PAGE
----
Part of the joy of studying Ancient and Modern History is being a Joint Schools candidate and therefore a member of both the Classics and History Faculties. Again, this is not something that is generally known before you get to Oxford, but the Faculties host a huge range of lectures and seminars that are not directly related to papers being taught. I can get upwards of twenty emails a week from the Classics Faculty telling me about various events going on and each I have been to has been extremely engaging. They really help broaden your horizons and offer insights you may never have considered gaining. It is worth emphasising that Oxford is not an exam machine as much as you might be told this. In my experience the ethos here, in history at least, is to give you an outstanding education, allow you to develop as an individual both academically and socially, and give you opportunities to broaden your understanding of history and human relations. By virtue of this you will do great in exams.
As I am sure you will have been told many times, Oxford is famed for its tutorial system where you get one-on-one or two-on-one contact with world-leading academics every week. This may sound scary, but it is truly wonderful, especially if, like myself, you were normally in classes of 20-30 in school. Tutorials are not there for you to be lectured at but to allow you to develop your own ideas: in my experience what sets apart Oxford undergraduate historians the focus not merely on reciting historiography but on developing your own interpretations of the sources and devising your own arguments. In my tutorials I probably spend more time talking than my tutors do (I have been accused of liking the sound of my own voice) and they act as a guiding hand, pointing out the flaws in my views, helping me to fit my views into the wider historiography and helping me to strengthen my arguments. Each tutor certainly has their own style, but part of the joy of the tutorial system is experiencing the personalities and teaching styles of different academics.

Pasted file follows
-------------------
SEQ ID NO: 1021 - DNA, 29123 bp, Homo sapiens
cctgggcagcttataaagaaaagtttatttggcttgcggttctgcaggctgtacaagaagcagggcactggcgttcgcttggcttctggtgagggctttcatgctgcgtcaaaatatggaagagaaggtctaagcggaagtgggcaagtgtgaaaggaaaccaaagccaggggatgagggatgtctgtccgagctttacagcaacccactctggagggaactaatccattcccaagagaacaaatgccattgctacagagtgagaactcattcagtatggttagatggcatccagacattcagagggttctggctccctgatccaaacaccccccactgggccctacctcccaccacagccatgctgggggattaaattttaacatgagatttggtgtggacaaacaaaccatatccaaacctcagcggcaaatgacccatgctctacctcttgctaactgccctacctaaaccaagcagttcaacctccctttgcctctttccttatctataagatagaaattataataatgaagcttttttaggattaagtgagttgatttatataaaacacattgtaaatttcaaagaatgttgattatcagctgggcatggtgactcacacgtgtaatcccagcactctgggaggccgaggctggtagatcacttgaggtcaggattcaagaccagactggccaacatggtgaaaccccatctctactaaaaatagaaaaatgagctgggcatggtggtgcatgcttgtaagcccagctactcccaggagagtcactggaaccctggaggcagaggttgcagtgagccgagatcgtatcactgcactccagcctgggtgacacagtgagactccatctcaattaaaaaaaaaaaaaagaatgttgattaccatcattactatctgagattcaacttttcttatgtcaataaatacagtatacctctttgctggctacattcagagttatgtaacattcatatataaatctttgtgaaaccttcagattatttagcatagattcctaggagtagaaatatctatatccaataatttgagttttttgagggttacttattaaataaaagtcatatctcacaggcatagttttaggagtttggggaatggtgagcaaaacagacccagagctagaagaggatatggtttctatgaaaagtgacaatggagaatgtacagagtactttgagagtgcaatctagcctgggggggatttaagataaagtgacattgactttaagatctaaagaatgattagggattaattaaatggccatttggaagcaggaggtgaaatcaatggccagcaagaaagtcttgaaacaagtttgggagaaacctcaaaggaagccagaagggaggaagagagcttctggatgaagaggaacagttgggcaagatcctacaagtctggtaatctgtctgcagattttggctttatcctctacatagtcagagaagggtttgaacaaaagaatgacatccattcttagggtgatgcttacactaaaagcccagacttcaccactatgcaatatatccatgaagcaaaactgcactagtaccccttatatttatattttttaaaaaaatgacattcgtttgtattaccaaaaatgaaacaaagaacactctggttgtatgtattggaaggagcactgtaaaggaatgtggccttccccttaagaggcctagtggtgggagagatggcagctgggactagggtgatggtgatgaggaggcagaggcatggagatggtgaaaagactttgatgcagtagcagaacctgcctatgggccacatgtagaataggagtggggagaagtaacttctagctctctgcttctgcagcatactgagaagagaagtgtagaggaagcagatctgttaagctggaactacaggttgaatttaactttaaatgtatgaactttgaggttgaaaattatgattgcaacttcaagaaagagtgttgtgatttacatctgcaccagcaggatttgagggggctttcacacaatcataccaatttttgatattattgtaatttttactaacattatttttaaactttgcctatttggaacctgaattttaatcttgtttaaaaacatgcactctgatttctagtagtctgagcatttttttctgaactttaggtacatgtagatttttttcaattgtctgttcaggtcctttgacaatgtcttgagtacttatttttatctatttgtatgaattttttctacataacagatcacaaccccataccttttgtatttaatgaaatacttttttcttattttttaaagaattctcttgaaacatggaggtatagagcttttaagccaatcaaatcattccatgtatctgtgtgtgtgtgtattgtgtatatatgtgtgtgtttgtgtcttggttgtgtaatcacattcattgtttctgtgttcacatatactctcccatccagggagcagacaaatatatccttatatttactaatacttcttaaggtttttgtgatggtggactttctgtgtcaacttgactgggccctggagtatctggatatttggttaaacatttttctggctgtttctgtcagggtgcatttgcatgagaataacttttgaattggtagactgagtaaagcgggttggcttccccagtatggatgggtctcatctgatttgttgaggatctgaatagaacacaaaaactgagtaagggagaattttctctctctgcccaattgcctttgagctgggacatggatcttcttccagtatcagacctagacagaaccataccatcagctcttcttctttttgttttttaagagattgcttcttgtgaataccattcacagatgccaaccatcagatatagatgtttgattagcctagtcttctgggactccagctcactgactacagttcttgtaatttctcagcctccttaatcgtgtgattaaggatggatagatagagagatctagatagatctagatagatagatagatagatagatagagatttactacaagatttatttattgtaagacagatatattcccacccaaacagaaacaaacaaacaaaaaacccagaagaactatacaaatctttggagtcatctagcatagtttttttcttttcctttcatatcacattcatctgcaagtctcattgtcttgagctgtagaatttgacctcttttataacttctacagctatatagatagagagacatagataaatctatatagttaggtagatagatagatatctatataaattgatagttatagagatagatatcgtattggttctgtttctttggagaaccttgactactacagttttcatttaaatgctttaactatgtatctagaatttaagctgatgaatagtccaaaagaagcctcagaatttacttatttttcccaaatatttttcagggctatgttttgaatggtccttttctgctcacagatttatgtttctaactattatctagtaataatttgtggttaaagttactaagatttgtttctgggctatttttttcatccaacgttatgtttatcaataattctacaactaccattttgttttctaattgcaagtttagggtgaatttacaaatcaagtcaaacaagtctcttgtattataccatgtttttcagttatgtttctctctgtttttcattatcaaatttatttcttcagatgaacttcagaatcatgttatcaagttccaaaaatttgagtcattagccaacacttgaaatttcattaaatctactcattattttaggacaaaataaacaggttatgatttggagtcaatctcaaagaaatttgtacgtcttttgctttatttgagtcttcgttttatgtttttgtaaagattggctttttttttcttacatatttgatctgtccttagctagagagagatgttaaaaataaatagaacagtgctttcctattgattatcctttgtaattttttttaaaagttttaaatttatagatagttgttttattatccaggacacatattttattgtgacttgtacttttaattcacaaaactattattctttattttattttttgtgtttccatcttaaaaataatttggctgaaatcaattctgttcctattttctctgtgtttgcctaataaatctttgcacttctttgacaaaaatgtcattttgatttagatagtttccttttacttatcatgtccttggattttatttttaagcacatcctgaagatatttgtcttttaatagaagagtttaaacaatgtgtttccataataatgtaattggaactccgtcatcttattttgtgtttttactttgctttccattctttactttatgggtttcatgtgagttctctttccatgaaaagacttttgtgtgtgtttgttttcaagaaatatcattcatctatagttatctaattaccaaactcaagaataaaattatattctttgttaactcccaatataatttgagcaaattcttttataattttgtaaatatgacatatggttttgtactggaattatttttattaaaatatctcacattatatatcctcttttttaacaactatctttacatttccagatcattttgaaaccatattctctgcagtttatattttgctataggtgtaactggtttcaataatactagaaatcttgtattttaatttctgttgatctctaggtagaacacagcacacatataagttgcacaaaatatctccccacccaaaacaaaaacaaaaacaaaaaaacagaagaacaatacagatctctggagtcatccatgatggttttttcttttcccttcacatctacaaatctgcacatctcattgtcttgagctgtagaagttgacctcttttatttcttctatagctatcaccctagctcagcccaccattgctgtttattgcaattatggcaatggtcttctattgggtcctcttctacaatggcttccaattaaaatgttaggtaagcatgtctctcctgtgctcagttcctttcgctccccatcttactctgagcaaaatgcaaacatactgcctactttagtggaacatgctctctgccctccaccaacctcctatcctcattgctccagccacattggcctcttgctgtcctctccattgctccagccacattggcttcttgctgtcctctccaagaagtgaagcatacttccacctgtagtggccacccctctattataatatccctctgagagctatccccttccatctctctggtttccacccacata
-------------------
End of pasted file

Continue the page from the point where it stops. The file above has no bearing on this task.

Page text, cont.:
It seems fitting to end on the theme that I have been trying to push through this whole blog, Oxford is a land of opportunities to pursue your own interests outside the papers your sitting, something mostly overlooked in trying to decide where to apply. Most colleges have some form of research or travel grants which can fund you in the development research interests: I have used my college’s travel grant to visit Istanbul and Rome. History and Joint Schools also provide free ‘language for historians’ classes each year which will allow you to continue languages you have learnt in school or start up completely new ones. I started learning Latin from scratch in my second year! Finally, there are a number of scholarships that you can apply for to fund extra research, in particular the Laidlaw Scholars Undergraduate Research & Leadership Programme. I personally applied for this over Christmas and won £6,000 for research designed by myself for this summer. It is these sorts of opportunities that set Oxford apart.
I hope this has given you a taste of what you can get out of Oxford and the ways in which you can make an Oxford education your own.